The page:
Wheels of Aurelia is a narrative road trip game brought to you by Santa Ragione. Set in the Italian 70’s, this racing game/interactive fiction tells the story of Lella, a fed up woman who decides to run away from mummy and daddy’s money and take a road trip along the coastal roads of Western Italy, the famous Via Aurelia. Quite a fitting title.
This game plays like an old-school arcade racer, except instead of only trying to burn rubber to the finish line, you have to chat to your passengers, which include a whole bunch of strange and wonderful characters. Italy at the end of the 70’s was a time of terrorism, kidnappings and political turmoil and you’re introduced to that world through the individual characters’ stories and you’ll discover their motivations for driving miles away from home.
Your dialogue decisions and the places you visit (there are very limited junctions along the way) will find you entering illegal street races, car chases and rather odd debates that will make you wonder why the hell you’re letting these people into your vehicle.
When I first pressed start on this game, the first thing I noticed was the soundtrack, which has all seven tracks created just for Wheels of Aurelia and is actually pretty damn good. Its Italian jazz/rock/70’s synth vibes will have you head bopping and learning Italian just so you can sing along.
Then there’s the look, as I mentioned earlier. Its old-school arcade visuals make it seem quite dated but in a modern way – I never said I was going to make sense in my reviews. But once you start playing, it becomes apparent that “making sense” isn’t really the main focus of this game.
The story begins with Lella wanting to get out of town, so she sets off in the middle of the night and picks up a stranger down at the local disco. From there, the plot goes from exciting to Lindsay Lohan on a Friday Night. It’s weird.
As you drive along the roads with your new companion, you learn a little bit about the characters, and each time you chat, you get to pick which piece of dialogue you want the character to say – every decision may or may not affect how the storyline unfolds, so choose wisely – or just press a button before the timer runs out or you’ll sit in silence for the whole journey.
Not only are you choosing how the conversation maps out, you also have to keep an eye on the road. For the most part, the car will steer itself around corners and you’ll continue at a nice steady pace. However, the rest of the Italian drivers (or most likely British tourists who don’t know which side of the road they should be on) have decided it’s a Sunday, and we all love Sunday drivers, right? You can hold the X button to speed up a little and the left stick will steer you around other cars. Simple. Except, it’s not – the pavements along the Via Aurelia must have magnets in them because I seemed drawn to them 90% of the time.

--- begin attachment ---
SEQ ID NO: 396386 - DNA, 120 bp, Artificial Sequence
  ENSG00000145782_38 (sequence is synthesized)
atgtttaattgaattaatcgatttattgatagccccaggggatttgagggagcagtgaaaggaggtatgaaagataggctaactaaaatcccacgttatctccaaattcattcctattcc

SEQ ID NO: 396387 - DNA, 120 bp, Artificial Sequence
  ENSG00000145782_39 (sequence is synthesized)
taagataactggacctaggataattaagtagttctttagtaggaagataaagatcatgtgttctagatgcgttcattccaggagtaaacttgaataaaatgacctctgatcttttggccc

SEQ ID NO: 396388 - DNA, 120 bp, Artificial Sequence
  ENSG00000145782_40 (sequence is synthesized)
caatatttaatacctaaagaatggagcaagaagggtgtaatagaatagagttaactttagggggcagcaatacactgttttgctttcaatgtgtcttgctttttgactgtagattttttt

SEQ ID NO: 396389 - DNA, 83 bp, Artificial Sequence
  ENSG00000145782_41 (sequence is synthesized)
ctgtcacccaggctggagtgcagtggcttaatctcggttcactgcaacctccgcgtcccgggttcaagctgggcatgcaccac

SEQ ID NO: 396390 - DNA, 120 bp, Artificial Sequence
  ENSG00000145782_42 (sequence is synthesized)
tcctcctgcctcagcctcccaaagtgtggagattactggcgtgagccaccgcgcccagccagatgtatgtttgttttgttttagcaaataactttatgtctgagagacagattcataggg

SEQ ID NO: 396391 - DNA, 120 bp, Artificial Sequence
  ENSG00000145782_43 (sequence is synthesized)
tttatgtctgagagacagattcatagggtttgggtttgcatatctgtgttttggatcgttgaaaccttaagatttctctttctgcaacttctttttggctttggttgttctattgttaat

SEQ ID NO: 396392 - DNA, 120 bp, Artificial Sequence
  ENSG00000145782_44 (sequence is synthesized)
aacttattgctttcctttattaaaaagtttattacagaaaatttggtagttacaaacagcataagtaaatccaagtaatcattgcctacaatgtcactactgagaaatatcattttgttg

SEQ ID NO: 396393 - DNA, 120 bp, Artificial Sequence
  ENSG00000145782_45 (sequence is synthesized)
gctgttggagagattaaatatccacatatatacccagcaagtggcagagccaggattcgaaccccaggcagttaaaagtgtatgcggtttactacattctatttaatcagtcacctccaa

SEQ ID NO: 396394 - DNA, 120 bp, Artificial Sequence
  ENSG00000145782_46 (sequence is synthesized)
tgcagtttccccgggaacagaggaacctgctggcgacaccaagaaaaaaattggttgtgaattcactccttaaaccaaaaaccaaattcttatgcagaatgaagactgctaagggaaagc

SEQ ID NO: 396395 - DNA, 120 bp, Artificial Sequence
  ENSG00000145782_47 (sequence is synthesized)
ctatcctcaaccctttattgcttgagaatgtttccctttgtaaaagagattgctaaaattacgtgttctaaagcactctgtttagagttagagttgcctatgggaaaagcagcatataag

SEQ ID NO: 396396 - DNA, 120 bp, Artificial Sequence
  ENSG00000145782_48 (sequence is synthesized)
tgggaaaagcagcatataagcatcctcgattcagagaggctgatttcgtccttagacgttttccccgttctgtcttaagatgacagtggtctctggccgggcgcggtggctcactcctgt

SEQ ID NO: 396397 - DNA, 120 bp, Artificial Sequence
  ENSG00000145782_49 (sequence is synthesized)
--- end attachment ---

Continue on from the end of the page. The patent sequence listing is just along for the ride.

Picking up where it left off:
Even with all of the aforementioned excitement happening, you then also get to pick up hitchhikers (the car will pull over automatically as long as you’re not holding X) and sometimes you’ll be challenged to a race or be told to chase down the group of terrorists in the car in front. What has poor Lella got herself into? Don’t worry, she seems like she can handle herself – or at least speak her mind and show off her stubborn feministic views. I have nothing against feminists and I’m all for Girl Power (The Spice Girls definitely begun a revolution back in the 90’s) but Lella just seems like an angry, two-dimensional character who hates any male passenger she picks up, and for a game which is almost about driving and almost about character development/storyline, she doesn’t do a great job of holding the title of Leading Lady. Then again, from what I learnt of her past, she has her reasons to be a bit of an odd ball.
Wheels of Aurelia is, for the most part, a very simple to play game, but that doesn’t mean it’ll be an easy ride (see what I did there?). Failing any of the “missions” along the way will cut the story short and you’ll be given one of the sixteen endings, which is a short couple of paragraphs about how your failure to capture terrorists resulted in destruction and chaos at the centre of Italian Politics. Who knows, maybe if she spent less time sulking about, she could’ve saved the whole world from the rise of terrorism by now?
Overall, I have to say that this game is not for me. I did enjoy the time I spent racing along the roads and checking out the colourful towns and scenery along the way, but it all felt a little flat. However, that doesn’t mean I wouldn’t recommend this game to others – the soundtrack alone is enough to make me a fan and as I said, when the storyline got going a little, it did intrigue me enough to keep playing and find out what the hell was going on. At one point, I was expecting Aliens to bring Elvis back to earth (spoiler alert: they don’t). The racing/car chases were quite exciting (if you can get away from those pesky paving magnets) and the concept is quite therapeutic as you travel your way through a cartoon-like Italy. This is definitely the type of game I’m afraid you’ll have to decide on your own whether or not you want to play; it has its good parts and it’s not so good parts. You may just love it and rev your engines all the way through all sixteen scenarios. Don’t let me stop you.
Karl Rating 6/10
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